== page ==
I hate country music too. But hear me out.
Sure, Kacey Musgraves’ music is country, but it’s not the kind of country that comes along with a well-deserved negative connotation. Even her older catalog (Kacey has been on the scene as early as 2013), which is definitely more “yee-haw” than Golden Hour is still able to attract those most vehemently opposed to all things country. Though the banjos and whistles may be the same as the rest of the genre, Kacey’s work is a lot less Blue Lives Matter and definitely doesn’t have the same overused material (Mama’s front porch, dirt roads, supporting the second amendment, etc).
Instead, Golden Hour elicits the same good feelings that old-school Taylor Swift did (or maybe Colbie Caillat, if we want to get more niche). Kacey makes country music seem less like Texas and more like… upstate New York. Sure, a lot of Make America Great Again hats, but eventually you’re gonna stumble on a small, overtly liberal town. Golden Hour is that town.
Every moment of Golden Hour is pure joy. The opener, “Slow Burn,” is just that, with Musgraves backed by just an acoustic guitar, a soft drum kicking in at the second verse, and no definitive climax… but she’s alright with a slow burn, and who are we to argue.
“Oh, What a World” is a love-note to the Earth that opens with a mesmerizing vocoder intro, followed closely by “Mother,” a quick, minute-long story of a mother/daughter relationship that Kacey unashamedly wrote while on acid.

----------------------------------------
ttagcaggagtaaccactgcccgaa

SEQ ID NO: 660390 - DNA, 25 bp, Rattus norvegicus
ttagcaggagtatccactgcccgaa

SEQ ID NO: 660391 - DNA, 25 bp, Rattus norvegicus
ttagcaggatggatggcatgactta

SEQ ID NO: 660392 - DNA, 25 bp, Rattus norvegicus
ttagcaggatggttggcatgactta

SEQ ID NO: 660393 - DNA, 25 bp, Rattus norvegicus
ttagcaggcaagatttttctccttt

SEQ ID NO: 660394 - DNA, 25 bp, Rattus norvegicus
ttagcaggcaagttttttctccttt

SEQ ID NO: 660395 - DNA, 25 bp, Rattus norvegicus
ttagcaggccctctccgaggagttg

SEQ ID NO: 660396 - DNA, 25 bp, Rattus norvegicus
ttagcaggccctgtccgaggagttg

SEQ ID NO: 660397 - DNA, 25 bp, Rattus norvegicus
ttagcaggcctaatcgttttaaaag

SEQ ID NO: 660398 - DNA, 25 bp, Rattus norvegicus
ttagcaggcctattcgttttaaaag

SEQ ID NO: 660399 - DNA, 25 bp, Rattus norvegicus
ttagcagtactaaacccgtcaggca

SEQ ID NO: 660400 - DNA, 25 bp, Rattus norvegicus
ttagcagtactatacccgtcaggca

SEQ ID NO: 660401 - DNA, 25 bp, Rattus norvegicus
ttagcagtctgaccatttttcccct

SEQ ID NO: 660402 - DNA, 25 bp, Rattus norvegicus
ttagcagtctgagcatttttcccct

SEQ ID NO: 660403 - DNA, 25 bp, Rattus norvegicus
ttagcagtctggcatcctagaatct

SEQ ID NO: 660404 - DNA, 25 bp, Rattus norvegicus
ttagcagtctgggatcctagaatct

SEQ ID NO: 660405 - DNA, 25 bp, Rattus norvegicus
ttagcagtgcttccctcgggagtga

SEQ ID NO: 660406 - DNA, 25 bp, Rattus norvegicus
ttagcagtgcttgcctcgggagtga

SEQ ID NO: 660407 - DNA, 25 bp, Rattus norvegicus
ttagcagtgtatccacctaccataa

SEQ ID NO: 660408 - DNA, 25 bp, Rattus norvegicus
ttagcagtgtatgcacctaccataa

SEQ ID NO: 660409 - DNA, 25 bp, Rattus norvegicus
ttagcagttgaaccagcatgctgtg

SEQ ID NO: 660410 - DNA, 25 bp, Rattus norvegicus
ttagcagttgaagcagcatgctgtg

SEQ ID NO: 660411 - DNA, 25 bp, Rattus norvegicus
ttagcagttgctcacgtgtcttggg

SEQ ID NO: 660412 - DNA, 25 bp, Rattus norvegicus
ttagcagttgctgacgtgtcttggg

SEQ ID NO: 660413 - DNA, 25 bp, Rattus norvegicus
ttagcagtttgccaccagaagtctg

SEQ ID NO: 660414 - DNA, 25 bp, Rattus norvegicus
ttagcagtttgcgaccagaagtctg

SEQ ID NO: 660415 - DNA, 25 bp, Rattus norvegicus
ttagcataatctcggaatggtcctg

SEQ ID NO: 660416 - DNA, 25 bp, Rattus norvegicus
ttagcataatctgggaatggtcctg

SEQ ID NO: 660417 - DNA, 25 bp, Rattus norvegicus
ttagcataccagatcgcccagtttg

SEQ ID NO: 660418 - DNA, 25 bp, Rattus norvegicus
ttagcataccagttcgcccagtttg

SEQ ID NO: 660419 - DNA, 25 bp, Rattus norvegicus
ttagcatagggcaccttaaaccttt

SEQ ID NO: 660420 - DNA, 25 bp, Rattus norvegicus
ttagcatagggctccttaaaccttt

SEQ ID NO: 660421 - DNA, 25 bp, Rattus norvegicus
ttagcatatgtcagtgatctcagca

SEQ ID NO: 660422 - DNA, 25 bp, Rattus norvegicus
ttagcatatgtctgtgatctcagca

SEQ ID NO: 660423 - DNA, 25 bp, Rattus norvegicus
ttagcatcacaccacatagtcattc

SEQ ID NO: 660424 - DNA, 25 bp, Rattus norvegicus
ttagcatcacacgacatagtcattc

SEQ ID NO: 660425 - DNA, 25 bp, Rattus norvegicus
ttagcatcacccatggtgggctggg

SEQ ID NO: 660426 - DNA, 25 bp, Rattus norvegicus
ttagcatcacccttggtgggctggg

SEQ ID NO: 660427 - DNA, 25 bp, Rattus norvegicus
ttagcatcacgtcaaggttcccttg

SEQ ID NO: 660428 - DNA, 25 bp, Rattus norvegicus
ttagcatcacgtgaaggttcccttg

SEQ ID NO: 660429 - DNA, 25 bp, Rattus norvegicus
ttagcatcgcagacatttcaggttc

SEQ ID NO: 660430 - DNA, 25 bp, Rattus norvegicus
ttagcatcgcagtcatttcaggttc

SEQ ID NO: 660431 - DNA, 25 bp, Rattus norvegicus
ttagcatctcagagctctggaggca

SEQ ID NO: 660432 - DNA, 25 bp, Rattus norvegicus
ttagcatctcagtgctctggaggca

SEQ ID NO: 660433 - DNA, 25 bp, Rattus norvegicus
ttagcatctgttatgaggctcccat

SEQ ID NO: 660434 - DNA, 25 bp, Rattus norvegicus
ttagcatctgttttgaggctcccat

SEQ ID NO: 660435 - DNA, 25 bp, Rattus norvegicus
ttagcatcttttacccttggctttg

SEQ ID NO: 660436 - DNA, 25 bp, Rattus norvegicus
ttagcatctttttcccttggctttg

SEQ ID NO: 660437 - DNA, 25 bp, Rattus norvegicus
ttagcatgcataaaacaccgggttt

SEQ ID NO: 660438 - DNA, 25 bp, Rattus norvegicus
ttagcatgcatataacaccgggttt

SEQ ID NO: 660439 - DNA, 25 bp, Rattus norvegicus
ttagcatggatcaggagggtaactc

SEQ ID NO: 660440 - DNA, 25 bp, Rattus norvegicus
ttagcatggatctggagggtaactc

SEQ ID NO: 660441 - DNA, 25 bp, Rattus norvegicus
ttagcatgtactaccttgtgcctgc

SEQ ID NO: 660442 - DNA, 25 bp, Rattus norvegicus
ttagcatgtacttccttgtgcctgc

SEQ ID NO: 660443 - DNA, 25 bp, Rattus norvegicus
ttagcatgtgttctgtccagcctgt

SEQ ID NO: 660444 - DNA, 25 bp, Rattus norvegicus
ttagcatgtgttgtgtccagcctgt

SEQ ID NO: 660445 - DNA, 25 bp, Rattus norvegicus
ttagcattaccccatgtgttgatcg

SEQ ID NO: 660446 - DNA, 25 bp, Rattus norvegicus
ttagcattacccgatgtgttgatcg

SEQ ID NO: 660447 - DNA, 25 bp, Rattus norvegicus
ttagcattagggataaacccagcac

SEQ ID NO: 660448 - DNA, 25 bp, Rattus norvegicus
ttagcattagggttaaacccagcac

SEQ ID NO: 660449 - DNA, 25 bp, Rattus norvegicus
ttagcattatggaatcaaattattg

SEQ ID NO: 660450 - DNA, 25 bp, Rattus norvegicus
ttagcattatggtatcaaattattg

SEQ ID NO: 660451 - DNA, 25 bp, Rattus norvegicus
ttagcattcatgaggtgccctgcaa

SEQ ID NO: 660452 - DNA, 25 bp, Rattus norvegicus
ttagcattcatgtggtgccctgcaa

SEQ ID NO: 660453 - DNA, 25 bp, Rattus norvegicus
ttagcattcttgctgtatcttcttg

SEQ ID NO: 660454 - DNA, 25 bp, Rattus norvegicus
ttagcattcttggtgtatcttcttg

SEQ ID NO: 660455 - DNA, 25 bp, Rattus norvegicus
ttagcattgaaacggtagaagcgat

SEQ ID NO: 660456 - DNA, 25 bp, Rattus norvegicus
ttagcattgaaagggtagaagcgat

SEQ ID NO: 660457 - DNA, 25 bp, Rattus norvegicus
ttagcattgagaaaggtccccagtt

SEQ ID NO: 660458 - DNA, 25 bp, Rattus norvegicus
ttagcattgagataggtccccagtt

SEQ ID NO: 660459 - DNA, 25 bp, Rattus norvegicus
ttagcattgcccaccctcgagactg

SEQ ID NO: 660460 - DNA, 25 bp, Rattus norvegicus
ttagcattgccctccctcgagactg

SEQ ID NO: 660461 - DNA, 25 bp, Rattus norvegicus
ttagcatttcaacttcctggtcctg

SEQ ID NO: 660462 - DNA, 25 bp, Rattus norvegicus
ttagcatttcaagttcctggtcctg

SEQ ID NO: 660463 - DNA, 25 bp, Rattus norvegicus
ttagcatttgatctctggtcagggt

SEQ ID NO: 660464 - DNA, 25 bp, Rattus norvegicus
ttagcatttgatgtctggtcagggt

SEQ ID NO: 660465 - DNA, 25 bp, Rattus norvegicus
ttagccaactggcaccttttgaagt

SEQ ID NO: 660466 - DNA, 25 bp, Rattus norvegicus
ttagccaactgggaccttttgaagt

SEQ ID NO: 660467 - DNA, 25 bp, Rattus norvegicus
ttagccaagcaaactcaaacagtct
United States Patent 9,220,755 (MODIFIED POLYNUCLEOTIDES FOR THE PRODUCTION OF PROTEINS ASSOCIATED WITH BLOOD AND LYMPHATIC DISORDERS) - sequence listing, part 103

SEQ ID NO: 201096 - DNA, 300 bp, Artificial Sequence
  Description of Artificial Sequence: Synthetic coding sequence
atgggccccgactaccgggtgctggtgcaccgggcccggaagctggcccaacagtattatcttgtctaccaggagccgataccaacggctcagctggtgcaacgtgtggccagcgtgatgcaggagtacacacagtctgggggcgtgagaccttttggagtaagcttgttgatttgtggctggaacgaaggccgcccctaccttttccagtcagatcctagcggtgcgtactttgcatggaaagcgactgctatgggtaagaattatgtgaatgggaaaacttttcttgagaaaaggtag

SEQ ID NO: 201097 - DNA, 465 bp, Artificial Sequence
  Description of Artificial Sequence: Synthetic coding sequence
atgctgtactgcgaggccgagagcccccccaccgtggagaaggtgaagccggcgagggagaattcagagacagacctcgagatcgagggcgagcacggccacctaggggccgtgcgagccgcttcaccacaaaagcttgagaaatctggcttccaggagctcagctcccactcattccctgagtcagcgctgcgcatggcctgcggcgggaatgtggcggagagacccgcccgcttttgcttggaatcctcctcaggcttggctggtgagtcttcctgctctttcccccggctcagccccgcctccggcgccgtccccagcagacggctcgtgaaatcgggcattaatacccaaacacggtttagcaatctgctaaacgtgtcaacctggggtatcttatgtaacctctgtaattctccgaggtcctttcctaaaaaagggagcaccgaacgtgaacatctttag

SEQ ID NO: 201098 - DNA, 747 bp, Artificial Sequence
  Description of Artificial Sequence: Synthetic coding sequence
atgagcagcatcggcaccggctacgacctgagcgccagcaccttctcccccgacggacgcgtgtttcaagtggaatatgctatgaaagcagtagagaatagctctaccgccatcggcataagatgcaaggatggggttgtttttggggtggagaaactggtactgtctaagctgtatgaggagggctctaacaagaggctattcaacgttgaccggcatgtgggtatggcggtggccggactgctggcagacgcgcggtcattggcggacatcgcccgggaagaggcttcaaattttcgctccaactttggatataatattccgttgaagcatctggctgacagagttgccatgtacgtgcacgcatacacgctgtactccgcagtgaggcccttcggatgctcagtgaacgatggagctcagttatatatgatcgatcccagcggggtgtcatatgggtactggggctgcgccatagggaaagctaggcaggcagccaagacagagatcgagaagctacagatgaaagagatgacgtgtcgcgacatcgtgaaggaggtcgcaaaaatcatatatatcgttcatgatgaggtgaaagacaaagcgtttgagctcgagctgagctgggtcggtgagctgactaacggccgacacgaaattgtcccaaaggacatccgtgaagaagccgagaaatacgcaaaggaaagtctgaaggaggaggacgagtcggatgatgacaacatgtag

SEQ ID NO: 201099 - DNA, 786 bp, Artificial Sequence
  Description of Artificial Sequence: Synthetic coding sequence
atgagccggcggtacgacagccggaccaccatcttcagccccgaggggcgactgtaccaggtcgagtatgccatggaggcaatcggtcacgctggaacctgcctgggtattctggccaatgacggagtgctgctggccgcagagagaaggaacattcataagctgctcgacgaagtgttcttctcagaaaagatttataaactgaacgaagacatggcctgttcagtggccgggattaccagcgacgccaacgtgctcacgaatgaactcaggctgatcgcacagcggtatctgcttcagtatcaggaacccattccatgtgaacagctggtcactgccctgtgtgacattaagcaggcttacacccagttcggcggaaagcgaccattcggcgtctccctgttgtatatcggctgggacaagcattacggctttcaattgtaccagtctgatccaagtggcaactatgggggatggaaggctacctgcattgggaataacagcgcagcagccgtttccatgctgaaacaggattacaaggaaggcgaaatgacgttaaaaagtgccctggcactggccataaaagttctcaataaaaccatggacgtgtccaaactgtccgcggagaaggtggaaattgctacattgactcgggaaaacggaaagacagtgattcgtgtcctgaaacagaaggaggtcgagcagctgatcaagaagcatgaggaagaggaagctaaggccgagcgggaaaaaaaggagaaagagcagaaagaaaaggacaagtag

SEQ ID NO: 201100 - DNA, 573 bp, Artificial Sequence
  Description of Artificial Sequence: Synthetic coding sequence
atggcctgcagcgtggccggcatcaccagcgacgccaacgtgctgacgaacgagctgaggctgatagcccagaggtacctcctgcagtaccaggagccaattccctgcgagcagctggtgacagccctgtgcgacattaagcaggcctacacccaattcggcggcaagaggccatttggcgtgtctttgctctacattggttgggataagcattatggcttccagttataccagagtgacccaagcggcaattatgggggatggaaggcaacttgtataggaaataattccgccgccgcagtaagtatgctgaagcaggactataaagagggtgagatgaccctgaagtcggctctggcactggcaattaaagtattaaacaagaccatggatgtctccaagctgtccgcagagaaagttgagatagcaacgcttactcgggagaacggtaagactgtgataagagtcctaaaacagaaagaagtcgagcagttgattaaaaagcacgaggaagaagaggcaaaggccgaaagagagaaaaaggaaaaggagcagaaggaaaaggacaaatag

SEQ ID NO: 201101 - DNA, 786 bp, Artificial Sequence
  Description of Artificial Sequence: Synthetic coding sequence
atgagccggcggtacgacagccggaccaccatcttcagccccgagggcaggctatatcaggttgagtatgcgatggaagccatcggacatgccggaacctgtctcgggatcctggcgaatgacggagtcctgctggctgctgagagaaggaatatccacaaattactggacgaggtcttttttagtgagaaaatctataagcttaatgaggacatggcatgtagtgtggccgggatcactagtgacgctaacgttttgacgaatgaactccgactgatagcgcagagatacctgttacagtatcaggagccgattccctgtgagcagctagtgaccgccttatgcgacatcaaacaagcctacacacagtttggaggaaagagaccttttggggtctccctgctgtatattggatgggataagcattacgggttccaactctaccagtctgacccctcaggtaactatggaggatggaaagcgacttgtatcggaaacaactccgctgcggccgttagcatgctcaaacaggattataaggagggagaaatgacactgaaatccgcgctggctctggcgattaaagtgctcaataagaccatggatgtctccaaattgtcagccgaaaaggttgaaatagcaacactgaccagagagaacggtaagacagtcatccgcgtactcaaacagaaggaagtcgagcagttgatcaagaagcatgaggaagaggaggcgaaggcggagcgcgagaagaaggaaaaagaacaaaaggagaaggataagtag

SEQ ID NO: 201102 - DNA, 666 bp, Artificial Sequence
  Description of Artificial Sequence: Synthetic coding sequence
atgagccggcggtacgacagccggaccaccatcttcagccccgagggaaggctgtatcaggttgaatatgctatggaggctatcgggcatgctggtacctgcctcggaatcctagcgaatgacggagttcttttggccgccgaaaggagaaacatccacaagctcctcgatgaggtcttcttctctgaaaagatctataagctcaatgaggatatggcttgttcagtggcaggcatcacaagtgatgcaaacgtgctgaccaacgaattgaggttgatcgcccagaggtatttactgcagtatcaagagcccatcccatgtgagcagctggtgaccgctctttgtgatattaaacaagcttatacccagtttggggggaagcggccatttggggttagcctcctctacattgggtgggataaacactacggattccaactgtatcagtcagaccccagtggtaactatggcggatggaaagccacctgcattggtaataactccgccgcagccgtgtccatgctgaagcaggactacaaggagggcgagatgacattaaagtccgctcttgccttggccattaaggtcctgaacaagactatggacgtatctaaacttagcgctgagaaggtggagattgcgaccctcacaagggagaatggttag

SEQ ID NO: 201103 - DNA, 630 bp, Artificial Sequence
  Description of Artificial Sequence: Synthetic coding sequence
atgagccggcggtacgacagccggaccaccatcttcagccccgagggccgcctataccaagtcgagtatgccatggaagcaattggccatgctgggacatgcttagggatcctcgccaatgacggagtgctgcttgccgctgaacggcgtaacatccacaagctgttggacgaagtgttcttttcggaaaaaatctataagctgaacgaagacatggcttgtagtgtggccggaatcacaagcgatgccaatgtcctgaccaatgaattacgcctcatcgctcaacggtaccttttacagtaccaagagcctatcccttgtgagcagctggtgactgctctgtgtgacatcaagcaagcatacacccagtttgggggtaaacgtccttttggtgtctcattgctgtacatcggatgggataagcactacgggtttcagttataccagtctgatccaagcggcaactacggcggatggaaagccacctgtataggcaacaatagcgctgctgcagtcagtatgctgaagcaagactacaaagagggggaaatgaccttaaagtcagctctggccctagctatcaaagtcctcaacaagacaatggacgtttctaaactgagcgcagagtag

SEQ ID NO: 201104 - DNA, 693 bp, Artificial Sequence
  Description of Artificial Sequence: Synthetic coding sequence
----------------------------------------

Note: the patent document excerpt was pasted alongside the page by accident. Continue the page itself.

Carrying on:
Tracks like “Lonely Weekend” and “Butterflies” bring an upbeat element to the record, though the obvious favorite in that category is “High Horse,” a true disco-cowboy anthem about assholes, plain and simple.
Golden Hour closes with “Rainbow,” which Kacey has dedicated on multiple occasions to anyone going through anything in life that may have them down. The song, which has been stripped down to just vocals backed by a grand piano, is one of the most honest, understanding and genuinely helpful tracks about struggle I’ve ever had the pleasure of hearing. While many artists today like to exploit mental health problems through their music, Kacey takes a more raw, honest route. She’s not telling listeners that they have to be okay right now and she’s not singing about her own struggles. It’s a simple, friendly reminder that things will be okay, as she sings, “The sky is finally open/ The rain and wind stopped blowing.” It’s gorgeous, it’s uplifting and it’s perfect for anyone who may need it.
So push all judgements of country music aside, give Golden Hour a listen, and include a song of your choice on any and all playlists this summer. You’ll thank me, I promise.